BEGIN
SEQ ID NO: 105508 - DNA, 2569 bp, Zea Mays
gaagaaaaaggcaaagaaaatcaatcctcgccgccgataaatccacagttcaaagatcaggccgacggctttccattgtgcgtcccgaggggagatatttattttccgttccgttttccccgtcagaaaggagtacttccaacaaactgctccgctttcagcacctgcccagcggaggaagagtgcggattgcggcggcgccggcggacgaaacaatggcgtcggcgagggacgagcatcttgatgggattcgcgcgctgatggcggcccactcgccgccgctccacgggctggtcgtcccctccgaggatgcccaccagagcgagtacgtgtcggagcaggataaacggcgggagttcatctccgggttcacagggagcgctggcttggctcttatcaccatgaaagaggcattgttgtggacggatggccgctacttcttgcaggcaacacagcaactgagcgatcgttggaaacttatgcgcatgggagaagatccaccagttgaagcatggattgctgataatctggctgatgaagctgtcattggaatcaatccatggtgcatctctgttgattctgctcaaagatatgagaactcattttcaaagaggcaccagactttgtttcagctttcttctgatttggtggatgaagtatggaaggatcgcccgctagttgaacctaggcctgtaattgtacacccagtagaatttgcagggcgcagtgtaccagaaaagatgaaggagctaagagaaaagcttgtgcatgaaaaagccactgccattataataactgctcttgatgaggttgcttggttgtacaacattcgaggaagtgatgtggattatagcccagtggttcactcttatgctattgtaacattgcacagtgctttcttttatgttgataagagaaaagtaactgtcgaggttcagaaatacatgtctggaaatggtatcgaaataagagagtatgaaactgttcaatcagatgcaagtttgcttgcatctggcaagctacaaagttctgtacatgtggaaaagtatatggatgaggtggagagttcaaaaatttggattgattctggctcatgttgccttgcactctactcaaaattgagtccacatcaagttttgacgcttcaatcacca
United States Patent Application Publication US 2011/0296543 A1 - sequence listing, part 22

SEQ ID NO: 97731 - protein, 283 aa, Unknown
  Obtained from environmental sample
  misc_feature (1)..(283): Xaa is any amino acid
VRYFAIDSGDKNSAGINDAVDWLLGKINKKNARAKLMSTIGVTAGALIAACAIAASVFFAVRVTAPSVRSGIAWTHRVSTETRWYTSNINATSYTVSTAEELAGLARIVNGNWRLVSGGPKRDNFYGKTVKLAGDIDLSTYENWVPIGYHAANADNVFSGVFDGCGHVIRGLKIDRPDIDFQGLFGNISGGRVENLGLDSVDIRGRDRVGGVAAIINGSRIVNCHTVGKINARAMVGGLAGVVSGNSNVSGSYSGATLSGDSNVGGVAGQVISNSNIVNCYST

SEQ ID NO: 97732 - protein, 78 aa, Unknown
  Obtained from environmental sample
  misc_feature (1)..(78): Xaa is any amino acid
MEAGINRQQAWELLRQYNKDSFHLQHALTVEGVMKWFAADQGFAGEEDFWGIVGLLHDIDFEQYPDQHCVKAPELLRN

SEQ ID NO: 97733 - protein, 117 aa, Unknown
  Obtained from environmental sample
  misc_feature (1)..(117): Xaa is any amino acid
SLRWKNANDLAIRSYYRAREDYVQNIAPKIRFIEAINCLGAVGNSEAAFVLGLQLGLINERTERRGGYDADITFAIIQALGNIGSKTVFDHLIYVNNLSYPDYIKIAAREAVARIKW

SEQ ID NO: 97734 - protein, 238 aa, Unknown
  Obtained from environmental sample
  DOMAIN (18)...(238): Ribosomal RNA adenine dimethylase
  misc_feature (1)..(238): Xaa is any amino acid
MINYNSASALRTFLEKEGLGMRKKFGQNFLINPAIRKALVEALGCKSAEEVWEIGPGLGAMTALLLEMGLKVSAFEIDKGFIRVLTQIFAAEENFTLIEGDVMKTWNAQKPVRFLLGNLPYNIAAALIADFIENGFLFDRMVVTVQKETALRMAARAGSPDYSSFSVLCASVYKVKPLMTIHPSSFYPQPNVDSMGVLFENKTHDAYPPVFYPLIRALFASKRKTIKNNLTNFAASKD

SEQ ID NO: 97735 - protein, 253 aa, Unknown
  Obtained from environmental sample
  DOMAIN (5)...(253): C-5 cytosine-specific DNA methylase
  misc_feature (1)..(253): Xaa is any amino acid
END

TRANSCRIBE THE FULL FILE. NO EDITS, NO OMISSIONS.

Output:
SEQ ID NO: 105508 - DNA, 2569 bp, Zea Mays
gaagaaaaaggcaaagaaaatcaatcctcgccgccgataaatccacagttcaaagatcaggccgacggctttccattgtgcgtcccgaggggagatatttattttccgttccgttttccccgtcagaaaggagtacttccaacaaactgctccgctttcagcacctgcccagcggaggaagagtgcggattgcggcggcgccggcggacgaaacaatggcgtcggcgagggacgagcatcttgatgggattcgcgcgctgatggcggcccactcgccgccgctccacgggctggtcgtcccctccgaggatgcccaccagagcgagtacgtgtcggagcaggataaacggcgggagttcatctccgggttcacagggagcgctggcttggctcttatcaccatgaaagaggcattgttgtggacggatggccgctacttcttgcaggcaacacagcaactgagcgatcgttggaaacttatgcgcatgggagaagatccaccagttgaagcatggattgctgataatctggctgatgaagctgtcattggaatcaatccatggtgcatctctgttgattctgctcaaagatatgagaactcattttcaaagaggcaccagactttgtttcagctttcttctgatttggtggatgaagtatggaaggatcgcccgctagttgaacctaggcctgtaattgtacacccagtagaatttgcagggcgcagtgtaccagaaaagatgaaggagctaagagaaaagcttgtgcatgaaaaagccactgccattataataactgctcttgatgaggttgcttggttgtacaacattcgaggaagtgatgtggattatagcccagtggttcactcttatgctattgtaacattgcacagtgctttcttttatgttgataagagaaaagtaactgtcgaggttcagaaatacatgtctggaaatggtatcgaaataagagagtatgaaactgttcaatcagatgcaagtttgcttgcatctggcaagctacaaagttctgtacatgtggaaaagtatatggatgaggtggagagttcaaaaatttggattgattctggctcatgttgccttgcactctactcaaaattgagtccacatcaagttttgacgcttcaatcacca
United States Patent Application Publication US 2011/0296543 A1 - sequence listing, part 22

SEQ ID NO: 97731 - protein, 283 aa, Unknown
  Obtained from environmental sample
  misc_feature (1)..(283): Xaa is any amino acid
VRYFAIDSGDKNSAGINDAVDWLLGKINKKNARAKLMSTIGVTAGALIAACAIAASVFFAVRVTAPSVRSGIAWTHRVSTETRWYTSNINATSYTVSTAEELAGLARIVNGNWRLVSGGPKRDNFYGKTVKLAGDIDLSTYENWVPIGYHAANADNVFSGVFDGCGHVIRGLKIDRPDIDFQGLFGNISGGRVENLGLDSVDIRGRDRVGGVAAIINGSRIVNCHTVGKINARAMVGGLAGVVSGNSNVSGSYSGATLSGDSNVGGVAGQVISNSNIVNCYST

SEQ ID NO: 97732 - protein, 78 aa, Unknown
  Obtained from environmental sample
  misc_feature (1)..(78): Xaa is any amino acid
MEAGINRQQAWELLRQYNKDSFHLQHALTVEGVMKWFAADQGFAGEEDFWGIVGLLHDIDFEQYPDQHCVKAPELLRN

SEQ ID NO: 97733 - protein, 117 aa, Unknown
  Obtained from environmental sample
  misc_feature (1)..(117): Xaa is any amino acid
SLRWKNANDLAIRSYYRAREDYVQNIAPKIRFIEAINCLGAVGNSEAAFVLGLQLGLINERTERRGGYDADITFAIIQALGNIGSKTVFDHLIYVNNLSYPDYIKIAAREAVARIKW

SEQ ID NO: 97734 - protein, 238 aa, Unknown
  Obtained from environmental sample
  DOMAIN (18)...(238): Ribosomal RNA adenine dimethylase
  misc_feature (1)..(238): Xaa is any amino acid
MINYNSASALRTFLEKEGLGMRKKFGQNFLINPAIRKALVEALGCKSAEEVWEIGPGLGAMTALLLEMGLKVSAFEIDKGFIRVLTQIFAAEENFTLIEGDVMKTWNAQKPVRFLLGNLPYNIAAALIADFIENGFLFDRMVVTVQKETALRMAARAGSPDYSSFSVLCASVYKVKPLMTIHPSSFYPQPNVDSMGVLFENKTHDAYPPVFYPLIRALFASKRKTIKNNLTNFAASKD

SEQ ID NO: 97735 - protein, 253 aa, Unknown
  Obtained from environmental sample
  DOMAIN (5)...(253): C-5 cytosine-specific DNA methylase
  misc_feature (1)..(253): Xaa is any amino acid